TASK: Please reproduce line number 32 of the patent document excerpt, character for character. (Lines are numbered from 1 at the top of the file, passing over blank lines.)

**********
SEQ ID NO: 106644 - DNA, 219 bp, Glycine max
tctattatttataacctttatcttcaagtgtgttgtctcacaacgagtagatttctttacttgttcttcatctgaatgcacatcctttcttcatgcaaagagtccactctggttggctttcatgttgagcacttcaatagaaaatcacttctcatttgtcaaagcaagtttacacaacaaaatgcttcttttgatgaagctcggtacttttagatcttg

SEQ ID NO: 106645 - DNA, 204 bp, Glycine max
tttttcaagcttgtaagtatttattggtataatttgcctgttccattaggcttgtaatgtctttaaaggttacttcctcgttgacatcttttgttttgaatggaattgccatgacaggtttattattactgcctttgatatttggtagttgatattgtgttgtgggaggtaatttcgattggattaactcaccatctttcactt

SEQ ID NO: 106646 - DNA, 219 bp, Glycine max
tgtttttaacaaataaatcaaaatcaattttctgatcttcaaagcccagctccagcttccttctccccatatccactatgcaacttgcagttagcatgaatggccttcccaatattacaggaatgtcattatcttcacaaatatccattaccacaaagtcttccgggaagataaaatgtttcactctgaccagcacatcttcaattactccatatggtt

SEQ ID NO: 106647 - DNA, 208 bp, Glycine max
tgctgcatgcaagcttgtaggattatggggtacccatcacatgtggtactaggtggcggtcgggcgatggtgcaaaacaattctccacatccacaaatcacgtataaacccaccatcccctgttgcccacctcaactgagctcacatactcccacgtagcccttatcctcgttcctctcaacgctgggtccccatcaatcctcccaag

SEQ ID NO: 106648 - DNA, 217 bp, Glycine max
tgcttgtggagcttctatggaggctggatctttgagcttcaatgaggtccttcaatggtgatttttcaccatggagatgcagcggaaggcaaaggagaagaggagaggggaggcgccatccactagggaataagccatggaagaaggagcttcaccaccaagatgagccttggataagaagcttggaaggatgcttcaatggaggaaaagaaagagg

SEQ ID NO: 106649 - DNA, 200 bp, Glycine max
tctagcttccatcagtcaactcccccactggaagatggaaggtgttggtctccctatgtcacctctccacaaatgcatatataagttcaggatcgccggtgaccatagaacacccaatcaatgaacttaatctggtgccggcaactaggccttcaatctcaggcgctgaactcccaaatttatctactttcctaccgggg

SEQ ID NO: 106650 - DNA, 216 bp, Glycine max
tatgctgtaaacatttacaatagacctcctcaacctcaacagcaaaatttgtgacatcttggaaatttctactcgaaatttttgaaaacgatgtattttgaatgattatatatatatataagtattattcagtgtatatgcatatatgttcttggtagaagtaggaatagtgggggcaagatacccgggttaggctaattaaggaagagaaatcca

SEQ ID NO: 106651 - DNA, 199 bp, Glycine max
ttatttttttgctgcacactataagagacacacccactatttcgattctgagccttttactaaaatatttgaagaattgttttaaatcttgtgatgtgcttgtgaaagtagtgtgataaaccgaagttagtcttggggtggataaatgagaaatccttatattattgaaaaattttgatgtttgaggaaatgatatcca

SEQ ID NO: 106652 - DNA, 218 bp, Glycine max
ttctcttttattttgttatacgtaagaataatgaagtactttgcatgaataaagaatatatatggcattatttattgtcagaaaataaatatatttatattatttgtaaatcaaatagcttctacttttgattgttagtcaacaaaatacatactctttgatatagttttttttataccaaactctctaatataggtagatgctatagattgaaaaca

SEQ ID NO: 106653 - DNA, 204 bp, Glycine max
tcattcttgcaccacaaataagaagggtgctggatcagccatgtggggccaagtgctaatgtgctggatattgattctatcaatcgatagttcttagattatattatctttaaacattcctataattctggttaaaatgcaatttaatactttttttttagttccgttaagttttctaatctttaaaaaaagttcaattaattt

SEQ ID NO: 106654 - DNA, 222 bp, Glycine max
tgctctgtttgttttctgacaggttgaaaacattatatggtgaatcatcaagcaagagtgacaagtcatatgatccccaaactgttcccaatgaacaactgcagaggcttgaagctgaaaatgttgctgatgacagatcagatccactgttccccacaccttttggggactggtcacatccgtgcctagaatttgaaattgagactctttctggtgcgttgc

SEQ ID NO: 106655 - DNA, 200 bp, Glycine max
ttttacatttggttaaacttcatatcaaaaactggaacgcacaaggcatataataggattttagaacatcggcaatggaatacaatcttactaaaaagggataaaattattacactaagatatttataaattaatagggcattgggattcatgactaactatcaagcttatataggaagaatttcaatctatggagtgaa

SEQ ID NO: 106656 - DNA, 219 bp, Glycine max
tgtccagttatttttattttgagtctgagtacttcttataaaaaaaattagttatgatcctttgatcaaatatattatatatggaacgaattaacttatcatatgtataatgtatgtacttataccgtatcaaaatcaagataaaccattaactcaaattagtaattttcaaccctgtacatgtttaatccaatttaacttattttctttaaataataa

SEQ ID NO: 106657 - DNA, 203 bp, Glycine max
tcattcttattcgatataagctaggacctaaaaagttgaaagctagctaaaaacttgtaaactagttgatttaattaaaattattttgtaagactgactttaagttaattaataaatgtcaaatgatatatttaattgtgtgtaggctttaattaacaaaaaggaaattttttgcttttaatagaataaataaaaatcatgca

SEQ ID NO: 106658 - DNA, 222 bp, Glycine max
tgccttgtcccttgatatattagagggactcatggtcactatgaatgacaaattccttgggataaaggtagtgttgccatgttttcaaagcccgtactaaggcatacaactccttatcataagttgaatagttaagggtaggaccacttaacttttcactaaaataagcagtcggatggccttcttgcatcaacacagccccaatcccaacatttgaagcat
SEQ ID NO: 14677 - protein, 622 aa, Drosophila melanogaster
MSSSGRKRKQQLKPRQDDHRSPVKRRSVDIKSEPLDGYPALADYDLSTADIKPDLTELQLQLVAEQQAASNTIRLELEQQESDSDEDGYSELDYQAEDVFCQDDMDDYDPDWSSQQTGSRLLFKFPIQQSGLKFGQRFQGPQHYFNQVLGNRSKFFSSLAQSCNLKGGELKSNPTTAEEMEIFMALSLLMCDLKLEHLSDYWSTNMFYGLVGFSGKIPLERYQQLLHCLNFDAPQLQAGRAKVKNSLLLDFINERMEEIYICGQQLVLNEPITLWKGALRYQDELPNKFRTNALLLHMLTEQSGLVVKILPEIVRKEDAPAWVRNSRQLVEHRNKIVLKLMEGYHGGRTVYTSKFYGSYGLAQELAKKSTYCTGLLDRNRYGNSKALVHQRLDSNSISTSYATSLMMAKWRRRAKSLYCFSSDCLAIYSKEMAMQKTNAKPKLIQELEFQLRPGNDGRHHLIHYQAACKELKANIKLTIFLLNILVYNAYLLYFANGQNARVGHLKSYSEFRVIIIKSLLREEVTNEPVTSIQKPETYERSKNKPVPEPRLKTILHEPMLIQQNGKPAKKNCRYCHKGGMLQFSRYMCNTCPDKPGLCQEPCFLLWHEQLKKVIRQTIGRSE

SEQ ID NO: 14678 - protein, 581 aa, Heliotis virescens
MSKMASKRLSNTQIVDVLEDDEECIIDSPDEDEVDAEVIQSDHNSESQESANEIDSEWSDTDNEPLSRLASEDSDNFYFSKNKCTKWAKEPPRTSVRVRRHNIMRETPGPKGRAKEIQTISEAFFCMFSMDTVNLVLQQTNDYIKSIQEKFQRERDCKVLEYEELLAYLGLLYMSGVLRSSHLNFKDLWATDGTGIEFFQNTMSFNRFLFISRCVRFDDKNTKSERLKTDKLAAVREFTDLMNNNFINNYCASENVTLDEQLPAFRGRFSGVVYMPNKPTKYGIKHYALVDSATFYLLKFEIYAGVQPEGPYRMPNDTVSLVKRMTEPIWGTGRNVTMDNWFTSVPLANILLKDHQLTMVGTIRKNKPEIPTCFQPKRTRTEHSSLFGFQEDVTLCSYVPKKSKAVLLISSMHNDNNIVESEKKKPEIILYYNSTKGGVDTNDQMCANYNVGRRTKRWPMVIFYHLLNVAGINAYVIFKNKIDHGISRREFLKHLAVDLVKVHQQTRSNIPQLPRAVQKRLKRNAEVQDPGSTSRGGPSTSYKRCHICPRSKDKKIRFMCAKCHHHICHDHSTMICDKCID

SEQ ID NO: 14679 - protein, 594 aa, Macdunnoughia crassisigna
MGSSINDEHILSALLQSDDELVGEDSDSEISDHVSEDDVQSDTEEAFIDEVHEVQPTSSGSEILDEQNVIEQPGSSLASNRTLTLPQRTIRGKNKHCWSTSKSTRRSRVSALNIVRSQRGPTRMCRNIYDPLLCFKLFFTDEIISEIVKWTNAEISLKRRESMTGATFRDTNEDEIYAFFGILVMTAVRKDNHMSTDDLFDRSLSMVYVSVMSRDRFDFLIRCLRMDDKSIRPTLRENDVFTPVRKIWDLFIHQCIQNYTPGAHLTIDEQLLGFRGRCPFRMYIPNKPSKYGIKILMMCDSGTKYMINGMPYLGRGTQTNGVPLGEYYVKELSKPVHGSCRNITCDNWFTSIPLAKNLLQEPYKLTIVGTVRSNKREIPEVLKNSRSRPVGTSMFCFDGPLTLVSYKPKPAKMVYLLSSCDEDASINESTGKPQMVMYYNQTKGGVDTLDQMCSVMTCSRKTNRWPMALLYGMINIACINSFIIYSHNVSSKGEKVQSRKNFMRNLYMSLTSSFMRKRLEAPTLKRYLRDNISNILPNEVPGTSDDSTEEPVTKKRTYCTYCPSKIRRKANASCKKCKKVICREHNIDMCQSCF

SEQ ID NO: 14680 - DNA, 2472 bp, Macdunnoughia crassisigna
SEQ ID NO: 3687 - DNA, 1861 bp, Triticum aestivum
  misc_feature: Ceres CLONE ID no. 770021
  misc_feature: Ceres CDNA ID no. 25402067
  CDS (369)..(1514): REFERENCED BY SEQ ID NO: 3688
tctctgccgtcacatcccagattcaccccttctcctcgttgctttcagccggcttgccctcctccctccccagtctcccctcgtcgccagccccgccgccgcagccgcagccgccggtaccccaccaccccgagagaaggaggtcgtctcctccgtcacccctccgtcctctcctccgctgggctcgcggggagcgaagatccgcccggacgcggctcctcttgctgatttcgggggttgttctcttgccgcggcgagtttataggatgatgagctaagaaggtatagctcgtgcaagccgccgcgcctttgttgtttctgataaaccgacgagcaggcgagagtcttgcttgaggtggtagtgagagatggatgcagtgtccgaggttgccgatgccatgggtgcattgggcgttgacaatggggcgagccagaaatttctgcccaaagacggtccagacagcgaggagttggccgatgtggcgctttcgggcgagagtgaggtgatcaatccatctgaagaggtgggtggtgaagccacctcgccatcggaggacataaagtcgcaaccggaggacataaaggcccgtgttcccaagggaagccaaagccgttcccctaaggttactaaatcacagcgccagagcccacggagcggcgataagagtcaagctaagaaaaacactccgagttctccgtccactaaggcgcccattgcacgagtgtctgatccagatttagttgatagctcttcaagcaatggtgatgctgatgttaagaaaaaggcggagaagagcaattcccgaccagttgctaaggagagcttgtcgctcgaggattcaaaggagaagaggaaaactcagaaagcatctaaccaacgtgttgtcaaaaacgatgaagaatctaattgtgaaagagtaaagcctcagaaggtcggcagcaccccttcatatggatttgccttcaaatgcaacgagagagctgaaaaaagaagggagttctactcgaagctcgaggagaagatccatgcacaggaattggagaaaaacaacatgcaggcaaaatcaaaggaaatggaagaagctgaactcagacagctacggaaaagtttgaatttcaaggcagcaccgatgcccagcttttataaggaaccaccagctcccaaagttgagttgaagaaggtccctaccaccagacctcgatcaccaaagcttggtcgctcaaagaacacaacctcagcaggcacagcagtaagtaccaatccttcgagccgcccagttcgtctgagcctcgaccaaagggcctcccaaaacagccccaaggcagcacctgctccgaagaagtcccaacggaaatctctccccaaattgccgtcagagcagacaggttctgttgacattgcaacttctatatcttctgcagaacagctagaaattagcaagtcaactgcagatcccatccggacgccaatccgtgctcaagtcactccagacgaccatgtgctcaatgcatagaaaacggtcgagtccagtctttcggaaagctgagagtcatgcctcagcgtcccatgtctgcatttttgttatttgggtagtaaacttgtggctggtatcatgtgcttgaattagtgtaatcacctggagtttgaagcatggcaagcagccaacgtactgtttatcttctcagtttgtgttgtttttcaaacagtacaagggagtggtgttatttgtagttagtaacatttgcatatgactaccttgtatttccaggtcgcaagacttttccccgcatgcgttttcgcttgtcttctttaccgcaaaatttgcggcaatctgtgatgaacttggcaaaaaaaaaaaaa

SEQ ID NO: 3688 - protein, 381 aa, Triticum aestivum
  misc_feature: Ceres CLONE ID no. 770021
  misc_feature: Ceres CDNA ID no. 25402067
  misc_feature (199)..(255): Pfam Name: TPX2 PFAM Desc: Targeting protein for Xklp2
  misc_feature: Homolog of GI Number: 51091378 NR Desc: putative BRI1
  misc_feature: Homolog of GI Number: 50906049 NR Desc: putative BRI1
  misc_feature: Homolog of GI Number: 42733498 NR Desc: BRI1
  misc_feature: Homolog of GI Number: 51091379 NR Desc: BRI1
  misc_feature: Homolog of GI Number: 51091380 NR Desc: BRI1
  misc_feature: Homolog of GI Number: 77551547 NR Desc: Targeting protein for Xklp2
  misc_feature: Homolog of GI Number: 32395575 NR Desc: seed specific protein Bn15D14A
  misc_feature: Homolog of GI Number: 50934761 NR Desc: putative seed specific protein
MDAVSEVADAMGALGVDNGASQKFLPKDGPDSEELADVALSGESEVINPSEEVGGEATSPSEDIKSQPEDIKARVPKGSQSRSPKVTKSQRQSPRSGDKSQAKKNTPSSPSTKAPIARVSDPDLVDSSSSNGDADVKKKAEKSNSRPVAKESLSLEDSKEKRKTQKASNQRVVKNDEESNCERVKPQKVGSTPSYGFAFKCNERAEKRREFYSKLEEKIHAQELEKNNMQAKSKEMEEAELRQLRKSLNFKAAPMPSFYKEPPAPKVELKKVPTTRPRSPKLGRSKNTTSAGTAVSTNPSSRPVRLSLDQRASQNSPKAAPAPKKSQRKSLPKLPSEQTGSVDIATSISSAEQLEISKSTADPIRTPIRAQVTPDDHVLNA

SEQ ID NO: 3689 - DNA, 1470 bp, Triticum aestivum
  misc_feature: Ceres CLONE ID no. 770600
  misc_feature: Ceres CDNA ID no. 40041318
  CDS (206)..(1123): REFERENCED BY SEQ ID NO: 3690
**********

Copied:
MSSSGRKRKQQLKPRQDDHRSPVKRRSVDIKSEPLDGYPALADYDLSTADIKPDLTELQLQLVAEQQAASNTIRLELEQQESDSDEDGYSELDYQAEDVFCQDDMDDYDPDWSSQQTGSRLLFKFPIQQSGLKFGQRFQGPQHYFNQVLGNRSKFFSSLAQSCNLKGGELKSNPTTAEEMEIFMALSLLMCDLKLEHLSDYWSTNMFYGLVGFSGKIPLERYQQLLHCLNFDAPQLQAGRAKVKNSLLLDFINERMEEIYICGQQLVLNEPITLWKGALRYQDELPNKFRTNALLLHMLTEQSGLVVKILPEIVRKEDAPAWVRNSRQLVEHRNKIVLKLMEGYHGGRTVYTSKFYGSYGLAQELAKKSTYCTGLLDRNRYGNSKALVHQRLDSNSISTSYATSLMMAKWRRRAKSLYCFSSDCLAIYSKEMAMQKTNAKPKLIQELEFQLRPGNDGRHHLIHYQAACKELKANIKLTIFLLNILVYNAYLLYFANGQNARVGHLKSYSEFRVIIIKSLLREEVTNEPVTSIQKPETYERSKNKPVPEPRLKTILHEPMLIQQNGKPAKKNCRYCHKGGMLQFSRYMCNTCPDKPGLCQEPCFLLWHEQLKKVIRQTIGRSE